I had mentioned not too long ago that Michael's voice changed. This is hardly unexpected for a boy of fifteen. At some point, they all go through that transformation from child to man, and for some it is more rapid than others.
What I cannot understand, though, is what happened to his volume control.
The change in pitch I get: you get bigger, your resonant chamber grows and responds to deeper notes, your vocal chords elongate and vibrate slower. That all makes sense.
But the sudden, dramatic change in his loudness is what's puzzling me.
Whereas before he used a vocal level that was comfortably resting within the bounds of what we all have agreed to as an "inside voice", now his normal conversational level is somewhere around "chainsaw at two feet". In the space of less than a week he went from 5 to 11 on the volume knob.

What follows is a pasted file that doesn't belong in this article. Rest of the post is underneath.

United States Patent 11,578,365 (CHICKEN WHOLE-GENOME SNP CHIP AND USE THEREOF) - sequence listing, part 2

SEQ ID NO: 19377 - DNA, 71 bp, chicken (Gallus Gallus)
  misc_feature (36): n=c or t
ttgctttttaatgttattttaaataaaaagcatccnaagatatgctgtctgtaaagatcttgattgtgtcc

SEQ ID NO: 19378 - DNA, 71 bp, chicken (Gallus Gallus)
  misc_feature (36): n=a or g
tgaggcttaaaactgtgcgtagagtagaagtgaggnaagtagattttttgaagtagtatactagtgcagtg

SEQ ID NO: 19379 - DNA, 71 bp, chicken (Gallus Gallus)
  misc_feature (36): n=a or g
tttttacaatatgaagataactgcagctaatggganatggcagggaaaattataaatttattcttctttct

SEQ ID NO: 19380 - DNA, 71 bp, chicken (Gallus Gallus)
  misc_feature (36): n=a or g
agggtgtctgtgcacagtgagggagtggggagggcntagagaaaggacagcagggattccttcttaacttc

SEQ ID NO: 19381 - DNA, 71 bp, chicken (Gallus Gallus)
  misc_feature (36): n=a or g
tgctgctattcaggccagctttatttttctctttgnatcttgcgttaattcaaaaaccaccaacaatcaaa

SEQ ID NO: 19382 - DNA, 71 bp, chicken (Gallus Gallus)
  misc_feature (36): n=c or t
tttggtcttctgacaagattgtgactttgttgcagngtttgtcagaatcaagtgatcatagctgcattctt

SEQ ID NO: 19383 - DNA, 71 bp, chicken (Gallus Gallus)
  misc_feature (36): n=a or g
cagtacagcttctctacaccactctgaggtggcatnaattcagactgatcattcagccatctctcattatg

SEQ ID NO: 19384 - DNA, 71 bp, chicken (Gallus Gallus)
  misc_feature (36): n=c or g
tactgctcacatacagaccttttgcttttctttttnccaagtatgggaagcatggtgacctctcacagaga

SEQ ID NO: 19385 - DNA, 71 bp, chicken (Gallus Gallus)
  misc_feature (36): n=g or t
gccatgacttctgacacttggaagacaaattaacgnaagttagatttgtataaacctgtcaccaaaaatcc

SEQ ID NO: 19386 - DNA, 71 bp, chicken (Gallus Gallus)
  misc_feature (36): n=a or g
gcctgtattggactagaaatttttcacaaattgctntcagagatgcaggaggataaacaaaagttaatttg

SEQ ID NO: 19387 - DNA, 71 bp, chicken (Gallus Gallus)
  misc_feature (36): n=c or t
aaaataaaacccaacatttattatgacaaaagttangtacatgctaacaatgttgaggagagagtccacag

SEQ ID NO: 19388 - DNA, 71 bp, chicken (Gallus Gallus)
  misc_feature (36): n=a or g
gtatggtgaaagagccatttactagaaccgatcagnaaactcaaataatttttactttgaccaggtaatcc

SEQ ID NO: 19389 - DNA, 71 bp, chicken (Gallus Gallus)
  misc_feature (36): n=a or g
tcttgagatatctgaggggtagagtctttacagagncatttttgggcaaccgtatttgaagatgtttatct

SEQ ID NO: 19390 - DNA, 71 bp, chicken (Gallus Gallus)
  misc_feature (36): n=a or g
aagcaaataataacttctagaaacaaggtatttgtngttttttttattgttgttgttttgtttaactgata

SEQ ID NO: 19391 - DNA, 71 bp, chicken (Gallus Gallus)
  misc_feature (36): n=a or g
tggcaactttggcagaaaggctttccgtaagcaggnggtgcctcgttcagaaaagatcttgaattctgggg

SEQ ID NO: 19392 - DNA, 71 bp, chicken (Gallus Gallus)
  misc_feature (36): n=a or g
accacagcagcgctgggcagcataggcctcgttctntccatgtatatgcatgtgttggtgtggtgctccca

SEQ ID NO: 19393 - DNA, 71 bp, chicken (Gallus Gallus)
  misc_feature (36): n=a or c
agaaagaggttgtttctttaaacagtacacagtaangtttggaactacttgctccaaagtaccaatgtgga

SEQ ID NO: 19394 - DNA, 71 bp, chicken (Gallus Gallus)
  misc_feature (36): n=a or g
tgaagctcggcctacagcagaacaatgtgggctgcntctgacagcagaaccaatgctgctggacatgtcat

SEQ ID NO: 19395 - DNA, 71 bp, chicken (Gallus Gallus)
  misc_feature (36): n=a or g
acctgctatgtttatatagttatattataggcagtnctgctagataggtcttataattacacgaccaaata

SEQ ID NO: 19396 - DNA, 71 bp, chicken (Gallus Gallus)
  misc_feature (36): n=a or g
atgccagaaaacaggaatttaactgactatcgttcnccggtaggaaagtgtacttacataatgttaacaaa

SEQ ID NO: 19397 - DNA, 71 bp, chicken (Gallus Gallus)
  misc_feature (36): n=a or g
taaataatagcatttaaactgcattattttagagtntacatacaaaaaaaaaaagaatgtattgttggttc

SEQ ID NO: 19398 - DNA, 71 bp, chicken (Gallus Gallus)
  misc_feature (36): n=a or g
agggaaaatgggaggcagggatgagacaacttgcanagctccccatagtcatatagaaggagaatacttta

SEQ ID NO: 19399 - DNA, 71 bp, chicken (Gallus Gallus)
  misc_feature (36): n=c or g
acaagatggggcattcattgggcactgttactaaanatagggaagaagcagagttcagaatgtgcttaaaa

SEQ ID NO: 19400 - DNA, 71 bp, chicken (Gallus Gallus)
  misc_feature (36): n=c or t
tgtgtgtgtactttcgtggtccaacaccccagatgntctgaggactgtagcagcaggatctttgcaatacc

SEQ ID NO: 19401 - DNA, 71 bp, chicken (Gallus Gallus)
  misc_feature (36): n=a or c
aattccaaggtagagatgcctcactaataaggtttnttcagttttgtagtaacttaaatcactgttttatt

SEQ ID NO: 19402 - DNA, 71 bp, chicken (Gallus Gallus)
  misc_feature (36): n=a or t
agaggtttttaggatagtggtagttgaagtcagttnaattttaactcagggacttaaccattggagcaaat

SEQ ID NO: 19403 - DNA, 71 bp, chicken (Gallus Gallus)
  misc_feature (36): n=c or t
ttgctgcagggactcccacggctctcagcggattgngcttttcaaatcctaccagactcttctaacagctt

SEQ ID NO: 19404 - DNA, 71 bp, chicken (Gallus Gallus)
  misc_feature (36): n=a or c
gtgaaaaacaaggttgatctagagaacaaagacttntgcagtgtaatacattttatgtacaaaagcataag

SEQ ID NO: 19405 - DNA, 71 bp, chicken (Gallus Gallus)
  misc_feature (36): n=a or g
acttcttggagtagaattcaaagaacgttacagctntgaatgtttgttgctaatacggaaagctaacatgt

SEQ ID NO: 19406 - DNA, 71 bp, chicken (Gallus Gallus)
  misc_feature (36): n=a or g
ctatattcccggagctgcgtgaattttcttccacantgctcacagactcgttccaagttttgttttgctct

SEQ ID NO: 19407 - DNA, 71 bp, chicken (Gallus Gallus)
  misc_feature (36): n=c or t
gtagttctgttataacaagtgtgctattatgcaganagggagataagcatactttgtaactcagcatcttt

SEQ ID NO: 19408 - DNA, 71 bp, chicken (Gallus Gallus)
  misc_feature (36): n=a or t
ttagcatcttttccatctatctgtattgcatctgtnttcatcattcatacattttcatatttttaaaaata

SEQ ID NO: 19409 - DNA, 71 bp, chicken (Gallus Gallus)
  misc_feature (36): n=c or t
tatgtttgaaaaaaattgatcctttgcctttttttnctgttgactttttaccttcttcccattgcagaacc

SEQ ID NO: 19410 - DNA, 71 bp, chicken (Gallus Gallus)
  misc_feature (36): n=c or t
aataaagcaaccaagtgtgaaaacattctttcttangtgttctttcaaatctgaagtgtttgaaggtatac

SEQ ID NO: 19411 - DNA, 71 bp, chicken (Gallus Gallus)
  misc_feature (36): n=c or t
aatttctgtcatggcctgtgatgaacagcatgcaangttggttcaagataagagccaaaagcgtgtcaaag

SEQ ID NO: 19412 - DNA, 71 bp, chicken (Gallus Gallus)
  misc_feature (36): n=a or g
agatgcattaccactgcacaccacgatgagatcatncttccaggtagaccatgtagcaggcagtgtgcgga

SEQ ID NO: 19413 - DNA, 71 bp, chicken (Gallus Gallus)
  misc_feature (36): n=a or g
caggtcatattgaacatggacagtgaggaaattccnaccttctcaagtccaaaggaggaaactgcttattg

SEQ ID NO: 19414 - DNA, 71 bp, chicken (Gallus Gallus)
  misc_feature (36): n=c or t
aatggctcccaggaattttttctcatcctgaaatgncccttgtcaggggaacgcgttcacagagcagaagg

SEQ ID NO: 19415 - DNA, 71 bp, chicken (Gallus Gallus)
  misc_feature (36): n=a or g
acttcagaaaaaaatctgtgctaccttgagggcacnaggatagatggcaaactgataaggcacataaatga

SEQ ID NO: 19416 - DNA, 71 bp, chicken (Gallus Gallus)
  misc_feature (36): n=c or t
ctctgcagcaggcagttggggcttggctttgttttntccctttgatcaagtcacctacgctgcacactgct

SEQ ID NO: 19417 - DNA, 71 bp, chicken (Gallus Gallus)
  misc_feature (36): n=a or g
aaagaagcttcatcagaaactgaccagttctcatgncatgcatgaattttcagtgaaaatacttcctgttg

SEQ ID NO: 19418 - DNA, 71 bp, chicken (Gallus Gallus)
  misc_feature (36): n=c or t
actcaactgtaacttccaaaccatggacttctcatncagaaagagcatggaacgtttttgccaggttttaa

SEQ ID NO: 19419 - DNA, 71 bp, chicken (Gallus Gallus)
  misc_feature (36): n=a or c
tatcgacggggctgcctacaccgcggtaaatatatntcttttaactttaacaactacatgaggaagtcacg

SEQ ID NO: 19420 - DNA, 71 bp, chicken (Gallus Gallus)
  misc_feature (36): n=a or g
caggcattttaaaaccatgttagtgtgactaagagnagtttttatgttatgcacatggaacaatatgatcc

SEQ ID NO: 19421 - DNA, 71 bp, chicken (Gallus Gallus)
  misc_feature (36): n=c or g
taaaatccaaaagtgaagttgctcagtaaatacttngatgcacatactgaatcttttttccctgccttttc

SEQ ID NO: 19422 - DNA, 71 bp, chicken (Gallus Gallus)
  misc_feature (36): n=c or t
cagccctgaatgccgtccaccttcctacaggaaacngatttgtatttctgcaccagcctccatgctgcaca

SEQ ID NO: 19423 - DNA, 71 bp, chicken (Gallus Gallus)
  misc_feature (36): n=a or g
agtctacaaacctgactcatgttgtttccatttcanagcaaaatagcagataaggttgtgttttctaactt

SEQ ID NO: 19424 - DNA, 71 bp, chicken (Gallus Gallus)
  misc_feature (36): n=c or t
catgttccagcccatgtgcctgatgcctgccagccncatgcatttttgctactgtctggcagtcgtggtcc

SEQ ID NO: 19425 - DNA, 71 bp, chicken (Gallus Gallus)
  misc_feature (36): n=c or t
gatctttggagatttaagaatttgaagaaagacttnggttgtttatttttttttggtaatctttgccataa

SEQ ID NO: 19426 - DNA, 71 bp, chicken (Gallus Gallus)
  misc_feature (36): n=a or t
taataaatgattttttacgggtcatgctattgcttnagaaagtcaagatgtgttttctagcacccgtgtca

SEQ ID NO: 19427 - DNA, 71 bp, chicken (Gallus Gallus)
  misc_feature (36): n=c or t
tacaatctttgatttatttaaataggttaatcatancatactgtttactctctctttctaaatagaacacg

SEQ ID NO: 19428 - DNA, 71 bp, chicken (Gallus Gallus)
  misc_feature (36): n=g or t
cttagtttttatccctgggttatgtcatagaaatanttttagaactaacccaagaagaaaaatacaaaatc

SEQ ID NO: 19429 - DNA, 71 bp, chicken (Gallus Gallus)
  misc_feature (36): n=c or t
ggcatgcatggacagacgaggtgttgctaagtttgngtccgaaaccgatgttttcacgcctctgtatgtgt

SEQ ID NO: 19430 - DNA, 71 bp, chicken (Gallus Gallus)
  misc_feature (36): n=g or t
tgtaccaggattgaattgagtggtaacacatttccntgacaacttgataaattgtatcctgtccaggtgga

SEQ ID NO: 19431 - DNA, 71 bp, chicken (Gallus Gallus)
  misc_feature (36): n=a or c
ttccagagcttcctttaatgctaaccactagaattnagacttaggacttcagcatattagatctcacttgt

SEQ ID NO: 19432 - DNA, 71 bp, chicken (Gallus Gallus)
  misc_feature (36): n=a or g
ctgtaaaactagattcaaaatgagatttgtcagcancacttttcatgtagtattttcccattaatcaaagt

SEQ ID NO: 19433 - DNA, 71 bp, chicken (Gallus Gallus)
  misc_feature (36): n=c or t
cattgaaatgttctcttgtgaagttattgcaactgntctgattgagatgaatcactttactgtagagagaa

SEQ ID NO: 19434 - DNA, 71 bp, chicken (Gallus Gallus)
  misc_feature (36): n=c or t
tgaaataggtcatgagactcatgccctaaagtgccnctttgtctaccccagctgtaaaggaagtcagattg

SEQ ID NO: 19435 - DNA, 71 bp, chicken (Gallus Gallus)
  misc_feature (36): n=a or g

It's amazing. Just listening to him at the dinner table is uncomfortable as he practically shouts at us, though he's less than 22 inches from my eardrums.
I have to constantly remind him to take it down a few notches. Of course, he responds to this admonition by producing the loudest whisper that is possible to make by the human larynx.
Some evenings his mom and I head upstairs early after having been worn to the nub by our respective workplaces (the fact that we're over 50 has nothing to do with it of course). Michael will remain downstairs "getting ready for bed" by singing, chasing the cats or hollering at whatever video game he's currently playing. And all of this sonic pressure blasts its way upstairs, making it nearly impossible for my wife and me to hold a conversation, despite a floor separation and a closed door. I am forced to storm downstairs and remind him yet again that he needs to tone it down and be considerate.
Naturally he has to whisper back: "OK!"
I suppose this is a normal teenage boy thing, and like every other phase will pass along into memory. But it sure is hard on my ears.
I wonder if they make those sound cancelling headphones in something that fits over a mouth.